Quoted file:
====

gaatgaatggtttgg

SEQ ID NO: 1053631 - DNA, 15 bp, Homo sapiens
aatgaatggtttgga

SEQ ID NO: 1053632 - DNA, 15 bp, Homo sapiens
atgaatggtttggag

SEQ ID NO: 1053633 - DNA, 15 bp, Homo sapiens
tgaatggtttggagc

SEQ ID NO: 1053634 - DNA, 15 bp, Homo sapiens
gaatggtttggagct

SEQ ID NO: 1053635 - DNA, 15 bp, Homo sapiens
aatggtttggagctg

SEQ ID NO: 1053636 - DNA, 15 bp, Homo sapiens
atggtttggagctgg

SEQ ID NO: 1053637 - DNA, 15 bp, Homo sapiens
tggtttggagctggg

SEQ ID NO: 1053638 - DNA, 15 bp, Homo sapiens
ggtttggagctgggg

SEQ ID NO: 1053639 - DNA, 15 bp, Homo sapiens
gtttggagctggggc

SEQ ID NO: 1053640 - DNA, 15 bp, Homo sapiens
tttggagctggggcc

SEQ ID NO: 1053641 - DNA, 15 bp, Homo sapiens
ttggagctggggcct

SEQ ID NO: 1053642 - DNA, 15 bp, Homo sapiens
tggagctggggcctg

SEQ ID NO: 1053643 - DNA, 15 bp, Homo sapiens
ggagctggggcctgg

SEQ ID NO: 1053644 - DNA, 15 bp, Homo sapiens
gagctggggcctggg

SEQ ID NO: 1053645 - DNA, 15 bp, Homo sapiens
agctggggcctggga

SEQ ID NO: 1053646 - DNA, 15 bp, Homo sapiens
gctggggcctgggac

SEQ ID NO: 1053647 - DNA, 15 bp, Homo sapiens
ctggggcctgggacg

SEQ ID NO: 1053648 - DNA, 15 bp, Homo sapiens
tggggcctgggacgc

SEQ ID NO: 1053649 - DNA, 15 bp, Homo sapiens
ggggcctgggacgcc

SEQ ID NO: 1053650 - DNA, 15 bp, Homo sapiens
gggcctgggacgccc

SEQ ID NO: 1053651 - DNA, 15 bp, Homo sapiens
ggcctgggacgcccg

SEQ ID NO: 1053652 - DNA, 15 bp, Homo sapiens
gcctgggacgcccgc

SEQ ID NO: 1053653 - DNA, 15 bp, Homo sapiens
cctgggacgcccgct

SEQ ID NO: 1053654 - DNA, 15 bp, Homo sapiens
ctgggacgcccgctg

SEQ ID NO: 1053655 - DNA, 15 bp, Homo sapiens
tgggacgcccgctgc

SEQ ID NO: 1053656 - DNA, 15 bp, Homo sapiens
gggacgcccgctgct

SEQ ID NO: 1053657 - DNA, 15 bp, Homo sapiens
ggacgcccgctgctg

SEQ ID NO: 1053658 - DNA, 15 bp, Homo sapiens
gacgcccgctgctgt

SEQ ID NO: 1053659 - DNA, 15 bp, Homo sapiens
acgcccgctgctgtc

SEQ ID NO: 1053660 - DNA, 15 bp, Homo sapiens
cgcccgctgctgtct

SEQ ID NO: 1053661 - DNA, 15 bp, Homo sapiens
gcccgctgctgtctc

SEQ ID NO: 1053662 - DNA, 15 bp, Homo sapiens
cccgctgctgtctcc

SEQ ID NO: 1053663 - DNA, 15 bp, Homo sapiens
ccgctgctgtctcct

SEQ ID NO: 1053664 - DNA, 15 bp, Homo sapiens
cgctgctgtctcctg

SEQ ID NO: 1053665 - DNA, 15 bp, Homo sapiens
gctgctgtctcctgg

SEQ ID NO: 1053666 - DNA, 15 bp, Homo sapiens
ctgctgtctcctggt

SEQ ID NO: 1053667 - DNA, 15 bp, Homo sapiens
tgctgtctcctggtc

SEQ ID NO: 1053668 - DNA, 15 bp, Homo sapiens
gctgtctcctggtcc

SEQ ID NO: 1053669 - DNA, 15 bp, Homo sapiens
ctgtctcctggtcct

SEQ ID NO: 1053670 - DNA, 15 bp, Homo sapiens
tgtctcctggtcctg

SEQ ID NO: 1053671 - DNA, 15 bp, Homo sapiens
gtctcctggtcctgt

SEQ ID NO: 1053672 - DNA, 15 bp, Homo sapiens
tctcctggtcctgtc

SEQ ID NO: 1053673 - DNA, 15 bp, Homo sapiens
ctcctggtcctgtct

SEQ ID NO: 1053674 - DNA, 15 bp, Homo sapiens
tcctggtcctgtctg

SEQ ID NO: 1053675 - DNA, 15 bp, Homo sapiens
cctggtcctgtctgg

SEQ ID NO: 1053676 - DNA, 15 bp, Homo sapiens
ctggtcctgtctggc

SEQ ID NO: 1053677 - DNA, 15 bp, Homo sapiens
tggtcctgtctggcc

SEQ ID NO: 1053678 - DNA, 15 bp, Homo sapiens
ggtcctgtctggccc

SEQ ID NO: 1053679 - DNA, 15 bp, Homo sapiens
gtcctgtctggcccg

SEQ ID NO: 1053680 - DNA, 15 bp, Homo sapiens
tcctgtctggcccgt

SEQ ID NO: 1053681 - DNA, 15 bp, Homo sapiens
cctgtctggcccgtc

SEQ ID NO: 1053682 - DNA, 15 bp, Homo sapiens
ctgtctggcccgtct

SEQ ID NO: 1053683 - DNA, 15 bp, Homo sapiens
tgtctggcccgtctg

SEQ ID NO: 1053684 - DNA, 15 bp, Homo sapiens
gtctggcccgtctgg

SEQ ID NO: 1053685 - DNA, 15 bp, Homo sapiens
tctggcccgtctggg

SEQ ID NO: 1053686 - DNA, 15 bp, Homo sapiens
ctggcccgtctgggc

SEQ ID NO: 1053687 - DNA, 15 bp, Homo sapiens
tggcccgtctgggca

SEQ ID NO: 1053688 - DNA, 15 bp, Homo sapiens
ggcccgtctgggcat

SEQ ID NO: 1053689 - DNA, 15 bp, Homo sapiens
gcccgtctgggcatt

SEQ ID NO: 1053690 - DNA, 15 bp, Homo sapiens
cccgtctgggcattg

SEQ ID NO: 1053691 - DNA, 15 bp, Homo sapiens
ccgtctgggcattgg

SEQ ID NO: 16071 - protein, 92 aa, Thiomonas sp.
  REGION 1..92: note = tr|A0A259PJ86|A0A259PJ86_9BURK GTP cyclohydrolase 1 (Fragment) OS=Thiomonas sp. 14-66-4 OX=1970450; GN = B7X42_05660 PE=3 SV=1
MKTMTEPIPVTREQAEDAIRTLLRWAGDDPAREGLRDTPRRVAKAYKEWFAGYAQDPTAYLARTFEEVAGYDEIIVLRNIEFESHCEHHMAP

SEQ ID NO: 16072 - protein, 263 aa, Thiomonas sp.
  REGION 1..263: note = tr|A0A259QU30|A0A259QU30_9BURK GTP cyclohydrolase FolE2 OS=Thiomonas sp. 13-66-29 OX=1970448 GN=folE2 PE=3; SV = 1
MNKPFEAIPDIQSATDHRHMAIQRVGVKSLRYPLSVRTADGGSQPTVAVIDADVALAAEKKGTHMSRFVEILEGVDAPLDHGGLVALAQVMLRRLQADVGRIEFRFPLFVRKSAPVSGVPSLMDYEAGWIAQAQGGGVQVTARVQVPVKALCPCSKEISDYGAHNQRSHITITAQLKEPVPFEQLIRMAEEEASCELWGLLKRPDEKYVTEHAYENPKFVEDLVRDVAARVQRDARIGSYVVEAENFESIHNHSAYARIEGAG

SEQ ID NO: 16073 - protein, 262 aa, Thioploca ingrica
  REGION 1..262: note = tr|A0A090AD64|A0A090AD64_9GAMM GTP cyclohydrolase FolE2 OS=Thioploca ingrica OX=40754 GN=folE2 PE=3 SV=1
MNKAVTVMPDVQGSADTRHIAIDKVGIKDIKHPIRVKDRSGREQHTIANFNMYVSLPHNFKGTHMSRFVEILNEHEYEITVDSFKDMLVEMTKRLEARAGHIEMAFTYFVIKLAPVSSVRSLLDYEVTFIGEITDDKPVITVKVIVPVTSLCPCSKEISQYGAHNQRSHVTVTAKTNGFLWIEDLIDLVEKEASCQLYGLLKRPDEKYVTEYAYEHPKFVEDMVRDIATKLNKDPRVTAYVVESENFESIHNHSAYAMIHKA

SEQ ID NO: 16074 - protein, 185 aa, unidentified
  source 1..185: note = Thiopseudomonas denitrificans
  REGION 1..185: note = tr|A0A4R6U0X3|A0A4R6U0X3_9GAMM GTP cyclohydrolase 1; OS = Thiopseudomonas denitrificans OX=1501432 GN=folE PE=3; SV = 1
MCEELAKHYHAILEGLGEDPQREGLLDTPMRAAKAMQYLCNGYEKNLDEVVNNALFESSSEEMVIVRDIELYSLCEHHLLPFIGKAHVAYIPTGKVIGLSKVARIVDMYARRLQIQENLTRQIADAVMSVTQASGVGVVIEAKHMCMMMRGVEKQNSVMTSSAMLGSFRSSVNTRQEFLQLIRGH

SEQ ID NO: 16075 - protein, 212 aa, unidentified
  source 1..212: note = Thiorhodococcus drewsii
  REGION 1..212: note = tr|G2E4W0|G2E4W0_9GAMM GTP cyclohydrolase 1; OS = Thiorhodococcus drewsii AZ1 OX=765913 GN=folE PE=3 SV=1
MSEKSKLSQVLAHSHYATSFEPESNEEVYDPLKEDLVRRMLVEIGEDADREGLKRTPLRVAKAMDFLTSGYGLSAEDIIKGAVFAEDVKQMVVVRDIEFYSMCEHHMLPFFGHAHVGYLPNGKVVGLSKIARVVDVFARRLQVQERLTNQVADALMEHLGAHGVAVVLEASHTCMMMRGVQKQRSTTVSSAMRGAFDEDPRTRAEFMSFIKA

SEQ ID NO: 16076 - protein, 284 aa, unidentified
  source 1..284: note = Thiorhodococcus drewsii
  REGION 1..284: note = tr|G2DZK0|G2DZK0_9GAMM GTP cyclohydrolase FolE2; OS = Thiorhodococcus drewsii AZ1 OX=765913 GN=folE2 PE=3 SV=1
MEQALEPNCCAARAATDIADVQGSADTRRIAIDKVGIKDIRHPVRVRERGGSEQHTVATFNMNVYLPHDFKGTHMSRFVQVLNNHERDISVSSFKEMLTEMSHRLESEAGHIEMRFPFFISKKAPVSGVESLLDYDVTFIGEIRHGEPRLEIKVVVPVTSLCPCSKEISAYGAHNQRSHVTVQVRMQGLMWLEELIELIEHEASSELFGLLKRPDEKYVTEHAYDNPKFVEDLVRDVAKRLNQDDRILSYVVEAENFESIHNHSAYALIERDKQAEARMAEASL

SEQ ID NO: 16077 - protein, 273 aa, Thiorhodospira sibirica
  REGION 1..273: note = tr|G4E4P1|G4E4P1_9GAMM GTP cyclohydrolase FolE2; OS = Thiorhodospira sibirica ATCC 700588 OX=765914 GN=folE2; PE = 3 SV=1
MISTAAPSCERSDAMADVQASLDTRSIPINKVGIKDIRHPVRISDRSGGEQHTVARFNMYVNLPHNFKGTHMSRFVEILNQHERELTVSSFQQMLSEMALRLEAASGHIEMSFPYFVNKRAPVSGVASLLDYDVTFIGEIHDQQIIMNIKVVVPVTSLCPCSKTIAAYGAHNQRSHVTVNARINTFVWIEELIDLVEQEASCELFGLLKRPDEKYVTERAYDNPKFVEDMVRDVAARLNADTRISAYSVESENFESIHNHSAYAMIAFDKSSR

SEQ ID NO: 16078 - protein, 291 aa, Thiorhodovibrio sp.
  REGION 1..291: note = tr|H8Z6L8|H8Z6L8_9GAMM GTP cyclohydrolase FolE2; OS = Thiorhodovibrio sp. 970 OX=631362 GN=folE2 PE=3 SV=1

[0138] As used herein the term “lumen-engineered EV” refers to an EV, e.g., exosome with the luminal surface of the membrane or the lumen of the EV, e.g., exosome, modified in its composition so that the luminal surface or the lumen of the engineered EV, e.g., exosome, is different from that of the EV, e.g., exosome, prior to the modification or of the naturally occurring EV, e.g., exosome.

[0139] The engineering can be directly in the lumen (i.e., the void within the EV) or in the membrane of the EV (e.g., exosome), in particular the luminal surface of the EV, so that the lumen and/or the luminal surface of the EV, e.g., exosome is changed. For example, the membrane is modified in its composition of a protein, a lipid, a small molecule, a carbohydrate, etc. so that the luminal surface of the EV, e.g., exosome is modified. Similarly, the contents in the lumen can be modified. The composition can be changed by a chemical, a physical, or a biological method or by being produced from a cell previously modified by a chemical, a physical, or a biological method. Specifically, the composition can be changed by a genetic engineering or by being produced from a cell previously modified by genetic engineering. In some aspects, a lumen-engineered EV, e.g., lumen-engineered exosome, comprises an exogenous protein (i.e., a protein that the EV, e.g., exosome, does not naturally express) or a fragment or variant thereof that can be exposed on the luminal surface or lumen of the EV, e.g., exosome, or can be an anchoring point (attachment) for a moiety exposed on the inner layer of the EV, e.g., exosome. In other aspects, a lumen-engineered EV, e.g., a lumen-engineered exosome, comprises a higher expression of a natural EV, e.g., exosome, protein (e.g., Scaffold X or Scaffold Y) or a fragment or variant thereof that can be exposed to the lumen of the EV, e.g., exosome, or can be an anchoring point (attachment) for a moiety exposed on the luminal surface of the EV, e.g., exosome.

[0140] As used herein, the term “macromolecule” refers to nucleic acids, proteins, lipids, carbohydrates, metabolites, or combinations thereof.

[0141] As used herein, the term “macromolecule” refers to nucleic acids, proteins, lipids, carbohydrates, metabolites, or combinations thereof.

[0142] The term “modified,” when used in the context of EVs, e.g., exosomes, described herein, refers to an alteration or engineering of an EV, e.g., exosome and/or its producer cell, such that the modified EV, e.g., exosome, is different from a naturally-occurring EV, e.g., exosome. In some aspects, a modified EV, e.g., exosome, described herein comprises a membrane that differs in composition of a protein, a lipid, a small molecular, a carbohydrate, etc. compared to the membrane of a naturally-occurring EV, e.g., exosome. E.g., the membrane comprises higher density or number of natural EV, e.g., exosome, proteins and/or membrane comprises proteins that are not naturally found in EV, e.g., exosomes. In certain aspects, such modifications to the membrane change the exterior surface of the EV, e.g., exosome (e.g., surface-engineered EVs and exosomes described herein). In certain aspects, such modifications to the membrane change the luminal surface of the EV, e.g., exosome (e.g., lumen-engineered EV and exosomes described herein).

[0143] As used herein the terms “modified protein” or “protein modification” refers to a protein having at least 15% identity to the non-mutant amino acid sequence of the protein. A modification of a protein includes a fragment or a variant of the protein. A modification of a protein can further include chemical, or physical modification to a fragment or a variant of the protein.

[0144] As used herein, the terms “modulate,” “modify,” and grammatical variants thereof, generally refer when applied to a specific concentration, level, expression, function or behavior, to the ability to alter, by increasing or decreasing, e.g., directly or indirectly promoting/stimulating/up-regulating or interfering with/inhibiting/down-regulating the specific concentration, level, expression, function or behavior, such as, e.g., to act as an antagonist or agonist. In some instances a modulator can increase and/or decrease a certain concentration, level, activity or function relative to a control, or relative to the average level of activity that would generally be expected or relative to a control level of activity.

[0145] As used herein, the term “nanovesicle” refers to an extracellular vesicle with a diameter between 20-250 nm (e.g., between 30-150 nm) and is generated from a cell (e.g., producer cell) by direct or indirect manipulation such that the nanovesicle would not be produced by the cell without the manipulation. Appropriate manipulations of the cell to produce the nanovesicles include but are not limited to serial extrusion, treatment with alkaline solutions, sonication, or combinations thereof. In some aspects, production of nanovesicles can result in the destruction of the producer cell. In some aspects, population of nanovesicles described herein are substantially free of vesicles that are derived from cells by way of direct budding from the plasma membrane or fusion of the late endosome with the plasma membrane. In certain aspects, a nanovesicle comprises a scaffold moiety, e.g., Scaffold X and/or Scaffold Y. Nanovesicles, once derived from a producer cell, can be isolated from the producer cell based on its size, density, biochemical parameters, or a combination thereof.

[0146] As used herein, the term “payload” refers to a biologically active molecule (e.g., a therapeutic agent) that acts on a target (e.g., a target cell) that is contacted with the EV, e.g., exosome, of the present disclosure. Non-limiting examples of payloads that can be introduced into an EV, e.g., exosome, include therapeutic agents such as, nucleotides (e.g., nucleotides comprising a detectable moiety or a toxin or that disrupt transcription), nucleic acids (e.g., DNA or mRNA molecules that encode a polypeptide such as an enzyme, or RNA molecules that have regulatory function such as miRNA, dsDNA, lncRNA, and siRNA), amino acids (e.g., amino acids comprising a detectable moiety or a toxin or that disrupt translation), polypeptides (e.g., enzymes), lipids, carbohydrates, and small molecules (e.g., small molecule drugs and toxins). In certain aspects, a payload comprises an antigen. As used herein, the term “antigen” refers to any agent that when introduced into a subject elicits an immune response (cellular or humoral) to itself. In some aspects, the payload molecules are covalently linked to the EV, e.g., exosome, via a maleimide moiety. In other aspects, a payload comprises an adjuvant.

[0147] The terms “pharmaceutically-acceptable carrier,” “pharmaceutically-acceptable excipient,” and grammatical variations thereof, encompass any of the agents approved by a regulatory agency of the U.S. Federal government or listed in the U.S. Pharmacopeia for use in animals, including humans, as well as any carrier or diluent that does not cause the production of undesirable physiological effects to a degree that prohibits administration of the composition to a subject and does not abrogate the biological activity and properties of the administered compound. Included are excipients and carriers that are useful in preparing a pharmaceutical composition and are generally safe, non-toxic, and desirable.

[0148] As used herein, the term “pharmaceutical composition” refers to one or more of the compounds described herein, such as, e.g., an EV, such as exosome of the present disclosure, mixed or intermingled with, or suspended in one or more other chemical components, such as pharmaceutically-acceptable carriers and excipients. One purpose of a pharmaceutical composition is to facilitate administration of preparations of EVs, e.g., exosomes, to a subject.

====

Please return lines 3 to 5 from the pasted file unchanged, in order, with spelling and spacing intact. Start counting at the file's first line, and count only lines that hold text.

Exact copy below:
aatgaatggtttgga

SEQ ID NO: 1053632 - DNA, 15 bp, Homo sapiens
atgaatggtttggag